Well, I just watched the first two episodes of the fifth season, and I can say with little reservation: it’s bullshit. I’m not at all surprised that this show gets terrible ratings. It’s sanctimonious, stereotyping, ham-handed, but mostly, really, it’s just boring.
All I can think is that people with intellectual aspirations think that liking this show reflects well on them, the idea being that only The Wire is daring enough to address the complex challenges facing society. Also, because it’s politics mirror fashionable urban liberalism (corporations=bad, politicians=bad, management=bad, labor=good). But really, the show is remarkably simplistic, perhaps most evident in these first two episodes by the Parade of Stereotypes pawned off as characters: the mercenary weaselly white mayor; the alcoholic Irish cop; the wise-cracking charismatic African-American news editor who is always right, and is always sticking it to the man; the silver-haired sensationalist condescending newspaper publisher; etc. etc.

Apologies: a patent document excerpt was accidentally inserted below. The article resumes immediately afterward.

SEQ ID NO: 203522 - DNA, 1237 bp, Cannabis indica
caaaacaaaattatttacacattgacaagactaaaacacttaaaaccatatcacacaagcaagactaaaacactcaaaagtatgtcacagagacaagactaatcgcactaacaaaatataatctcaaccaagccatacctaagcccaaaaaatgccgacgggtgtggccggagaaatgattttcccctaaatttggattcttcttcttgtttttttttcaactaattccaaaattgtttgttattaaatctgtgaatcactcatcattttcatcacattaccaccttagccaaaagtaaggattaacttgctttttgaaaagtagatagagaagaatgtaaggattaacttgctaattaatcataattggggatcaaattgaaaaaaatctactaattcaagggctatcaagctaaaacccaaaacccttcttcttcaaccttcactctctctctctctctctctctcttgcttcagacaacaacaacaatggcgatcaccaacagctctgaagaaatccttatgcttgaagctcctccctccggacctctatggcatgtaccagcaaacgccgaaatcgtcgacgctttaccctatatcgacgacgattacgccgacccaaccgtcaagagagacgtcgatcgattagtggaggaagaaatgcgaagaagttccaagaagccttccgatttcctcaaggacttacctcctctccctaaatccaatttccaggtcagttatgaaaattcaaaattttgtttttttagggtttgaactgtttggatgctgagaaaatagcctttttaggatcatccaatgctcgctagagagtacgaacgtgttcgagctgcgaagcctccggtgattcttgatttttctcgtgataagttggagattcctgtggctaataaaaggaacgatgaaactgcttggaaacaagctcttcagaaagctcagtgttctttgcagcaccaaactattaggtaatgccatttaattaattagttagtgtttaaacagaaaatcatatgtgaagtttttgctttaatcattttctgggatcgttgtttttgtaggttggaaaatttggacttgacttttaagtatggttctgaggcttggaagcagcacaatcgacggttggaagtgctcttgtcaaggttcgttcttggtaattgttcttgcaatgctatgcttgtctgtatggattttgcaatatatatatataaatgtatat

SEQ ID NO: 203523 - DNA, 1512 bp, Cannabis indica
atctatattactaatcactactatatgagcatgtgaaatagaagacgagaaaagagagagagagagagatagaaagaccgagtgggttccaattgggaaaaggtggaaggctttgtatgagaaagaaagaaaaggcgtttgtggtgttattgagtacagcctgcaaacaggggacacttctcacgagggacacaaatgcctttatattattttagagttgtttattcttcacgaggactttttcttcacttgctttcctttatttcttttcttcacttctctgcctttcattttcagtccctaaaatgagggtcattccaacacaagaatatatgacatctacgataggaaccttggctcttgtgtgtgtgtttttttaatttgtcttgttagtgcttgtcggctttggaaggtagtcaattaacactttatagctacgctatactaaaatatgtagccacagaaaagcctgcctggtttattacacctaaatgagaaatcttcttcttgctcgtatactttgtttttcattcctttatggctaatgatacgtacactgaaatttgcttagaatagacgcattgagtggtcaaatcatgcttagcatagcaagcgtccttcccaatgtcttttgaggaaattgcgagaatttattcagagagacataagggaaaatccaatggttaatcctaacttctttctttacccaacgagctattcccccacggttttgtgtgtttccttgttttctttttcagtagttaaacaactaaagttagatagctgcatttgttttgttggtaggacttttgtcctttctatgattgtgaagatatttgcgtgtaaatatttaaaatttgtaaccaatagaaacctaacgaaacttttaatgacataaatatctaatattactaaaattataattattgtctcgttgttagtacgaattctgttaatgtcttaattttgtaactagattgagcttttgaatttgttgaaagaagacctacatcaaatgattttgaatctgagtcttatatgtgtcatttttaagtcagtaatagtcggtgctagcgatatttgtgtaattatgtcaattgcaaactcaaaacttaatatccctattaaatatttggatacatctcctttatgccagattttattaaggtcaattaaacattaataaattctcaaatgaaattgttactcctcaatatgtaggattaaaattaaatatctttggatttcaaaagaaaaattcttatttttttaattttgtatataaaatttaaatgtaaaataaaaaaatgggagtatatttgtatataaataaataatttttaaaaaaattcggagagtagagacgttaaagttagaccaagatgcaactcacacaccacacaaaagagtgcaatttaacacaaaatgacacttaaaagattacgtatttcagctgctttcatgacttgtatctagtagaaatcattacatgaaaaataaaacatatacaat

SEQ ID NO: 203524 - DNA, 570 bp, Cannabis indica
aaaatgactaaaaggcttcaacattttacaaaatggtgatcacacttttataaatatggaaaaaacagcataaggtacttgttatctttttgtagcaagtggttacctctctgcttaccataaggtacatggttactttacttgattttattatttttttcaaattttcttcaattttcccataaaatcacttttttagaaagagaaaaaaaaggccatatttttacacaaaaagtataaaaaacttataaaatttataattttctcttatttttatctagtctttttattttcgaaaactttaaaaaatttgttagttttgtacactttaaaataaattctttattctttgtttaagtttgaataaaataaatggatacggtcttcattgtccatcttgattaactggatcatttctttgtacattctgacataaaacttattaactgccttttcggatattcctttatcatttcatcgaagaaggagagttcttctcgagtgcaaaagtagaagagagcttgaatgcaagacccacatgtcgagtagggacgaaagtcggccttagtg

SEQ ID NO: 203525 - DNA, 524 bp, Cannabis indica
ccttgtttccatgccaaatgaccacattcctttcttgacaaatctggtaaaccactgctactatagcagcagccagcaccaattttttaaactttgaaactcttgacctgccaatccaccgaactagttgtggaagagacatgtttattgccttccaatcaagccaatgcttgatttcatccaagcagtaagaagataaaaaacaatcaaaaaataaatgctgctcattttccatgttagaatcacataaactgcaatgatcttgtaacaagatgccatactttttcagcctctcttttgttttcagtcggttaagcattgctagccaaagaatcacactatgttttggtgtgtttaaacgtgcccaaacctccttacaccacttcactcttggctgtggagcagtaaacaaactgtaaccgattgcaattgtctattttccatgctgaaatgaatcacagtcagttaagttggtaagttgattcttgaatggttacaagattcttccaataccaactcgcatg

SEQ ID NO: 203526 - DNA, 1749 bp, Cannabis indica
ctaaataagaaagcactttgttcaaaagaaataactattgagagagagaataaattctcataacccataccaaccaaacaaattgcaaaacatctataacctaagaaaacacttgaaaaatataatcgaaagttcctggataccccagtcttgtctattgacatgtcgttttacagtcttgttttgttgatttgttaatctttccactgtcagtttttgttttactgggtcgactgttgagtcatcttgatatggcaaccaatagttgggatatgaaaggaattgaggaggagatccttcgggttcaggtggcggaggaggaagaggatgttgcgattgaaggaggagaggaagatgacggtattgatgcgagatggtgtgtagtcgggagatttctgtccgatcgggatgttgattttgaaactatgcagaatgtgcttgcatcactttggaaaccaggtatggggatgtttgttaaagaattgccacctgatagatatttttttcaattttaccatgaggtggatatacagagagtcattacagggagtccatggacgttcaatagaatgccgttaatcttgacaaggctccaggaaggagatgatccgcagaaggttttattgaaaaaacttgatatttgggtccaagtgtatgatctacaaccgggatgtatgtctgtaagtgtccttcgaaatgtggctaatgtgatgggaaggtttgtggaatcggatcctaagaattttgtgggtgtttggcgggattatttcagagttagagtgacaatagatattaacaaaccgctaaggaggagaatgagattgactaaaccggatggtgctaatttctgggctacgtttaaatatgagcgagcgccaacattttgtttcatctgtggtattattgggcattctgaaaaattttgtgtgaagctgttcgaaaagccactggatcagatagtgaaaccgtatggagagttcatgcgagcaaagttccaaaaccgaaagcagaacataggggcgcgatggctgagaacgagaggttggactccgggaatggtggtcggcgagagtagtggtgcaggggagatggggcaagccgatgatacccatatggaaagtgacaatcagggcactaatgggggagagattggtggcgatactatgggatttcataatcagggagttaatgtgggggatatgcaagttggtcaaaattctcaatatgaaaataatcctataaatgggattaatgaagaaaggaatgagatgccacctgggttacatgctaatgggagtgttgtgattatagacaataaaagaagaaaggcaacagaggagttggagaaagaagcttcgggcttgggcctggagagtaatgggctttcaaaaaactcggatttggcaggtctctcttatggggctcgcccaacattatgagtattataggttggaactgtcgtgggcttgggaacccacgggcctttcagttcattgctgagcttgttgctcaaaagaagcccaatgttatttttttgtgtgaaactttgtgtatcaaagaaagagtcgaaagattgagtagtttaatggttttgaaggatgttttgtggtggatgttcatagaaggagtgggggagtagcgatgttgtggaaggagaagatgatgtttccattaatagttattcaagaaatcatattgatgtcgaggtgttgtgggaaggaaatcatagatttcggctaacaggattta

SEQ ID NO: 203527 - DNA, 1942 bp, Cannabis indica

And I don’t think I’ve ever watched a talkier show. It’s kind of like a soap opera in that there is a lot of commotion, but nothing really happens.
So, please, spare me the fawning criticism of the gritty reality and causal complexity depicted by this show. It’s little more than polemical claptrap to encourage self-back-patting. And while I largely share the creator’s political views, I don’t need them beating me over the head.
Wow. This post got quite screedy. It’s just that all I’ve seen is adulation, and no negative criticism.
God, I wish Battlestar Galactica were back on the air. Another couple months, I guess.